NSF Sponsored REU in Bioinformatics and Computational Biology
The excitement for biological research in the 21st century is palpable. Technological advances have opened up a whole new realm of questions that can be addressed experimentally. Thousands of genomes, transcriptomes, and proteomes are being deciphered at an unprecedented pace, and additional highthroughput technologies are in the pipeline. Yet, it is clear that the constraint is no longer generating these vast datasets, but having the time, computer resources, and bioinformatics expertise to analyze them. CSHL’s specialized NSF Research Experience for Undergraduates (REU) program is designed to helpaddress this need for expertise in bioinformatics and computational biology today and in the future by providing early training to undergraduate students that might not otherwise have access to education and research in BCB. This program is an integral component of a larger 10-week summer Undergraduate Research Program (URP) at CSHL, in which 25 U.S. and foreign students participate each year. Students in the CSHL NSF REU perform cutting-edge research in quantitative biology under the close supervision of CSHL mentors, becoming increasingly independent throughout the summer. In addition they learn early in their careers how to integrate biological research with sophisticated computational tools and techniques, REU students interact together, and attend scientific lectures and workshops on topics in biology, bioinformatics, computational biology, ethics, and careers in science by noted faculty in the Center for Quantitative Biology at CSHL and visiting scientists.
Prospective Project Mentors–
Gurinder Atwal - Population genetics; bioinformatics; cancer; stochastic processes; statistical mechanics and information theory
Thomas Gingeras - Genome-wide organization of transcription and the functional roles of non-protein coding RNAs
Christopher Hammell - Post-transcriptional gene regulation; control of animal developmental timing; RNA biology
Gregory Hannon - Growth control in mammalian cells; post-transcriptional gene silencing
Ivan Iossifov - Computational biology; molecular networks; human genetics; human disease; applied statistical and machine learning; biomedical text-mining; molecular evolution
David Jackson - Plant development; stem cell signaling; genomics and imaging
Justin Kinney - Sequence-function relationships; biophysics; deep sequencing; machine learning; transcriptional regulation; DNA replication
Alexei Koulakov - Theoretical neurobiology; quantitative principles of cortical design; computer science; applied mathematics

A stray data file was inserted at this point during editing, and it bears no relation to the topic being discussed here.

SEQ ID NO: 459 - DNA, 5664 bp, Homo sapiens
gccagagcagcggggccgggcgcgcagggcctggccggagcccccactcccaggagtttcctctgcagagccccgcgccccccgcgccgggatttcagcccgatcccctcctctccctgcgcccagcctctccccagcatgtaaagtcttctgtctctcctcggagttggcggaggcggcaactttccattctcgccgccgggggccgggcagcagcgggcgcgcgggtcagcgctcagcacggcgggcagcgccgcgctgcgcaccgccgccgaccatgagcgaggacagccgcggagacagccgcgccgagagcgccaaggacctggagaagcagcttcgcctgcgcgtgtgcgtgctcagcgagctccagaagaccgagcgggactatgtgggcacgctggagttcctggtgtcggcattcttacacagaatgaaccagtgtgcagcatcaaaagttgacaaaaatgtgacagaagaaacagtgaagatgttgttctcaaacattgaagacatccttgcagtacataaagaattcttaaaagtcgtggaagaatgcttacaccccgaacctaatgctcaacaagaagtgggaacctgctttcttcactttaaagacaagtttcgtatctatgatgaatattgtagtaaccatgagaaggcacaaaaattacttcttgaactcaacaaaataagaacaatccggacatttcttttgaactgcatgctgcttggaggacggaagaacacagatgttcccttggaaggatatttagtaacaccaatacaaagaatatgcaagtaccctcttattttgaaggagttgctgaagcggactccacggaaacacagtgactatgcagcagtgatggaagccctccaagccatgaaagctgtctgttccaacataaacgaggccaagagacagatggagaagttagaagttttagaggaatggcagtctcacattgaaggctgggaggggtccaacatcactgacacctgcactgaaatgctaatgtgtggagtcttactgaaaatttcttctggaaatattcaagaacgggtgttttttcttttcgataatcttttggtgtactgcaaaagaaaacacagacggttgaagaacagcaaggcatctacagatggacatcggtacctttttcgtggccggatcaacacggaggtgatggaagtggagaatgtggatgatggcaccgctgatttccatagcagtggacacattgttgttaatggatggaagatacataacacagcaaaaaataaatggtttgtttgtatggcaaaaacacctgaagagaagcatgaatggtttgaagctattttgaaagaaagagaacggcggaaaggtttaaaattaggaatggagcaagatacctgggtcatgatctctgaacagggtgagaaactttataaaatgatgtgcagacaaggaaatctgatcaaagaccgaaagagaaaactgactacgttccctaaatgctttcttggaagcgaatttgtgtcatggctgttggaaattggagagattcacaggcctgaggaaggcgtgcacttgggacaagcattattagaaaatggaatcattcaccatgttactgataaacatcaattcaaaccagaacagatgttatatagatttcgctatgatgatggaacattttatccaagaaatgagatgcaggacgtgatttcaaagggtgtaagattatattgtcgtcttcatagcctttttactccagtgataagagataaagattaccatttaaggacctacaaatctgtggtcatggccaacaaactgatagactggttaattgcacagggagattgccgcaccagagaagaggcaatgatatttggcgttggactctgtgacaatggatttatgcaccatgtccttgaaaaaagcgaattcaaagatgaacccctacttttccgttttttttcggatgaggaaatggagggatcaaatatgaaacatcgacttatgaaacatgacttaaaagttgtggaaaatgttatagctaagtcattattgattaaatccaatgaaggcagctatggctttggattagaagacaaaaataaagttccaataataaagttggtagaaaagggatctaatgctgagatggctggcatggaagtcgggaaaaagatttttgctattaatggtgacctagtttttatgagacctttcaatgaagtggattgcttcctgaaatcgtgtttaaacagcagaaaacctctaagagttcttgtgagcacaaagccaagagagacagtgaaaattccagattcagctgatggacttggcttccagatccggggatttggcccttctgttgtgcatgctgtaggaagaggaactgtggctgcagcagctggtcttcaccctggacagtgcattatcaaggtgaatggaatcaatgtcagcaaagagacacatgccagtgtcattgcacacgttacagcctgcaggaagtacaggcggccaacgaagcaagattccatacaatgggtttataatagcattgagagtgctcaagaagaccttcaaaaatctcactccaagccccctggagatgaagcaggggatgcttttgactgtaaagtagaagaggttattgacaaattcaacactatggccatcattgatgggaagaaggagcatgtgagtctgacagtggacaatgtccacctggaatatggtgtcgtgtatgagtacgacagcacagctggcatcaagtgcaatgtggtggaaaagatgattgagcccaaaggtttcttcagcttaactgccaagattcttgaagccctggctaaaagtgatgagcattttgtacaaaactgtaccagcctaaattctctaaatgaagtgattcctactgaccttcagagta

Alexander Krasnitz - Genomics of cancer; machine learning for biology; inference from noisy biological data; large-scale numerical computing.
Zachary Lippman - Plant development, genetics; molecular mechanisms of phase transitions for flowering time and inflorescence branching; heterosis
Robert Lucito - Genome microarrays; copy number fluctuation; cancer genomics; amplification; deletion; oncogene; tumor suppressor
Rob Martienssen - Epigenetics; DNA methylation; chromatin and chromosome biology; transposable elements; RNA interference; stem cells; germline specification; plant genomics; plant evolution; aquatic plants
W. Richard McCombie - Genomics of psychiatric disorders; genomics of cancer; computational genomics; plant genomics
Partha P. Mitra - Neuroinformatics; theoretical engineering; animal communications; neural prostheses; brain mapping; developmental linguistics
Scott Powers - Cancer genome; molecular targets and therapeutics; functional genomics; cancer biology
Michael Schatz - Genomics; genome assembly & validation; sequence alignment; high performance and multicore computing; parallel algorithms; cloud computing
Marja Timmermans - Plant development; epigenetic regulation of stem cell fate; pattern formation via small RNAs
Doreen Ware - Computational biology; comparative genomics; genome evolution; diversity; gene regulation; plant biology
Michael Wigler - Human genetic disorders; population genetics; cancer genomics
Participants must be "returning to an undergraduate program" after the summer REU program. (click here for NSF eligibility language).
NSF-supported REU participants must be citizens or permanent residents of the United States or its possessions and currently enrolled as an undergraduate student. An undergraduate student is a student who is enrolled in a degree program (part-time or full-time) leading to a baccalaureate or associate degree. Students graduating in the May before the program are not eligible for the CSHL REU-Sites program.
Please click here for the Application Guidelines
Yearly the 10-week CSHL REU Program begins the first week of June and ends the second week of August. During the first week, students receive a guided historical tour of the CSHL campus, and a tour of all CSHL facilities and resources available to them. Before starting in their laboratories, students attend a two-part Responsible Conduct in Research program. Throughout the remaining nine weeks the students receive training in Scientific Research, Science Communication, Career Preparation, and Bioinformatics and Computational Biology, all while interacting socially with fellow program participants and members of the CSHL community at large in formal and informal activities. Below is a schematic of the 10-week intellectually rigorous, yet socially and academically rewarding, experience.
REU Program Alumni